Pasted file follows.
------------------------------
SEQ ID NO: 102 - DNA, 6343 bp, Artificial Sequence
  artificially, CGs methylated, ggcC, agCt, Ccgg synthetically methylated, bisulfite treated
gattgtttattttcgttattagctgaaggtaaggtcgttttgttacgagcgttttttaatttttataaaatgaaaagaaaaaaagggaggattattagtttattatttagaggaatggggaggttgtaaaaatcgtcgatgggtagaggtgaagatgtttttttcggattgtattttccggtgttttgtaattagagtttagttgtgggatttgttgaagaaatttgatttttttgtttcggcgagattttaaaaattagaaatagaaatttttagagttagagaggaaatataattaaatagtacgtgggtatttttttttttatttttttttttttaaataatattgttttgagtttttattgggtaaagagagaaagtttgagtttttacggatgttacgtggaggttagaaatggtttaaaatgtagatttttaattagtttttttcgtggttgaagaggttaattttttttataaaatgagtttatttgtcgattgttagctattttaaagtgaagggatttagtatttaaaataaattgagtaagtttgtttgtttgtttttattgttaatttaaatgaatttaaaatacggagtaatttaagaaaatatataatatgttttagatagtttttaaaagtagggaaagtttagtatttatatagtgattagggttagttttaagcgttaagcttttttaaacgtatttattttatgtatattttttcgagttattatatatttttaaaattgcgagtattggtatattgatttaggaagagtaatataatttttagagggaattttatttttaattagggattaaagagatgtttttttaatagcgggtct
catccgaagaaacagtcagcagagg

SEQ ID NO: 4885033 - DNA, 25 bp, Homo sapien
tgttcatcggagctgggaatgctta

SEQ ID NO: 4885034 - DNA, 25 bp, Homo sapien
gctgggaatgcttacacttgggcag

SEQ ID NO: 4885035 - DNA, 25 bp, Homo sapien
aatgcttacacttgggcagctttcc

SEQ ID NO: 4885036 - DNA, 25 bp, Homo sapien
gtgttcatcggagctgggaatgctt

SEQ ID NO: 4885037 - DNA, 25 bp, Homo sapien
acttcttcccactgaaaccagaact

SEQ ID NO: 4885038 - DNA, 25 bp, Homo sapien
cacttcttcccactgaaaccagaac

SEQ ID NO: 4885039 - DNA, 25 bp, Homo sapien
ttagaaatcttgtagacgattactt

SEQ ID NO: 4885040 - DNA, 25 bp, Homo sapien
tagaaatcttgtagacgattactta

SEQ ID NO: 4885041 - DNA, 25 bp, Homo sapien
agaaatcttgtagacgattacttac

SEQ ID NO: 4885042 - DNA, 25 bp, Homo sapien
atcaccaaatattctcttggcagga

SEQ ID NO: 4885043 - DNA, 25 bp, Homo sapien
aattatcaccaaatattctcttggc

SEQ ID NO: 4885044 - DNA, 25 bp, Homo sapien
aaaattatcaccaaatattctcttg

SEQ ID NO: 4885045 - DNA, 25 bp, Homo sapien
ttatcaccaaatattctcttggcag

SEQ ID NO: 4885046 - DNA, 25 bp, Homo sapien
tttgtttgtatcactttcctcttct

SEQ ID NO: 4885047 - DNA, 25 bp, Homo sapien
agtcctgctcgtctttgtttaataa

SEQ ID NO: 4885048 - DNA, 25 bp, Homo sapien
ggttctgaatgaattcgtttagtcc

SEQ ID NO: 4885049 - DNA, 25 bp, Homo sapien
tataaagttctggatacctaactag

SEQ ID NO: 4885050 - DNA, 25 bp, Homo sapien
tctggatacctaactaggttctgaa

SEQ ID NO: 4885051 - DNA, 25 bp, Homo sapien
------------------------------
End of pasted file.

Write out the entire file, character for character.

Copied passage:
SEQ ID NO: 102 - DNA, 6343 bp, Artificial Sequence
  artificially, CGs methylated, ggcC, agCt, Ccgg synthetically methylated, bisulfite treated
gattgtttattttcgttattagctgaaggtaaggtcgttttgttacgagcgttttttaatttttataaaatgaaaagaaaaaaagggaggattattagtttattatttagaggaatggggaggttgtaaaaatcgtcgatgggtagaggtgaagatgtttttttcggattgtattttccggtgttttgtaattagagtttagttgtgggatttgttgaagaaatttgatttttttgtttcggcgagattttaaaaattagaaatagaaatttttagagttagagaggaaatataattaaatagtacgtgggtatttttttttttatttttttttttttaaataatattgttttgagtttttattgggtaaagagagaaagtttgagtttttacggatgttacgtggaggttagaaatggtttaaaatgtagatttttaattagtttttttcgtggttgaagaggttaattttttttataaaatgagtttatttgtcgattgttagctattttaaagtgaagggatttagtatttaaaataaattgagtaagtttgtttgtttgtttttattgttaatttaaatgaatttaaaatacggagtaatttaagaaaatatataatatgttttagatagtttttaaaagtagggaaagtttagtatttatatagtgattagggttagttttaagcgttaagcttttttaaacgtatttattttatgtatattttttcgagttattatatatttttaaaattgcgagtattggtatattgatttaggaagagtaatataatttttagagggaattttatttttaattagggattaaagagatgtttttttaatagcgggtct
catccgaagaaacagtcagcagagg

SEQ ID NO: 4885033 - DNA, 25 bp, Homo sapien
tgttcatcggagctgggaatgctta

SEQ ID NO: 4885034 - DNA, 25 bp, Homo sapien
gctgggaatgcttacacttgggcag

SEQ ID NO: 4885035 - DNA, 25 bp, Homo sapien
aatgcttacacttgggcagctttcc

SEQ ID NO: 4885036 - DNA, 25 bp, Homo sapien
gtgttcatcggagctgggaatgctt

SEQ ID NO: 4885037 - DNA, 25 bp, Homo sapien
acttcttcccactgaaaccagaact

SEQ ID NO: 4885038 - DNA, 25 bp, Homo sapien
cacttcttcccactgaaaccagaac

SEQ ID NO: 4885039 - DNA, 25 bp, Homo sapien
ttagaaatcttgtagacgattactt

SEQ ID NO: 4885040 - DNA, 25 bp, Homo sapien
tagaaatcttgtagacgattactta

SEQ ID NO: 4885041 - DNA, 25 bp, Homo sapien
agaaatcttgtagacgattacttac

SEQ ID NO: 4885042 - DNA, 25 bp, Homo sapien
atcaccaaatattctcttggcagga

SEQ ID NO: 4885043 - DNA, 25 bp, Homo sapien
aattatcaccaaatattctcttggc

SEQ ID NO: 4885044 - DNA, 25 bp, Homo sapien
aaaattatcaccaaatattctcttg

SEQ ID NO: 4885045 - DNA, 25 bp, Homo sapien
ttatcaccaaatattctcttggcag

SEQ ID NO: 4885046 - DNA, 25 bp, Homo sapien
tttgtttgtatcactttcctcttct

SEQ ID NO: 4885047 - DNA, 25 bp, Homo sapien
agtcctgctcgtctttgtttaataa

SEQ ID NO: 4885048 - DNA, 25 bp, Homo sapien
ggttctgaatgaattcgtttagtcc

SEQ ID NO: 4885049 - DNA, 25 bp, Homo sapien
tataaagttctggatacctaactag

SEQ ID NO: 4885050 - DNA, 25 bp, Homo sapien
tctggatacctaactaggttctgaa

SEQ ID NO: 4885051 - DNA, 25 bp, Homo sapien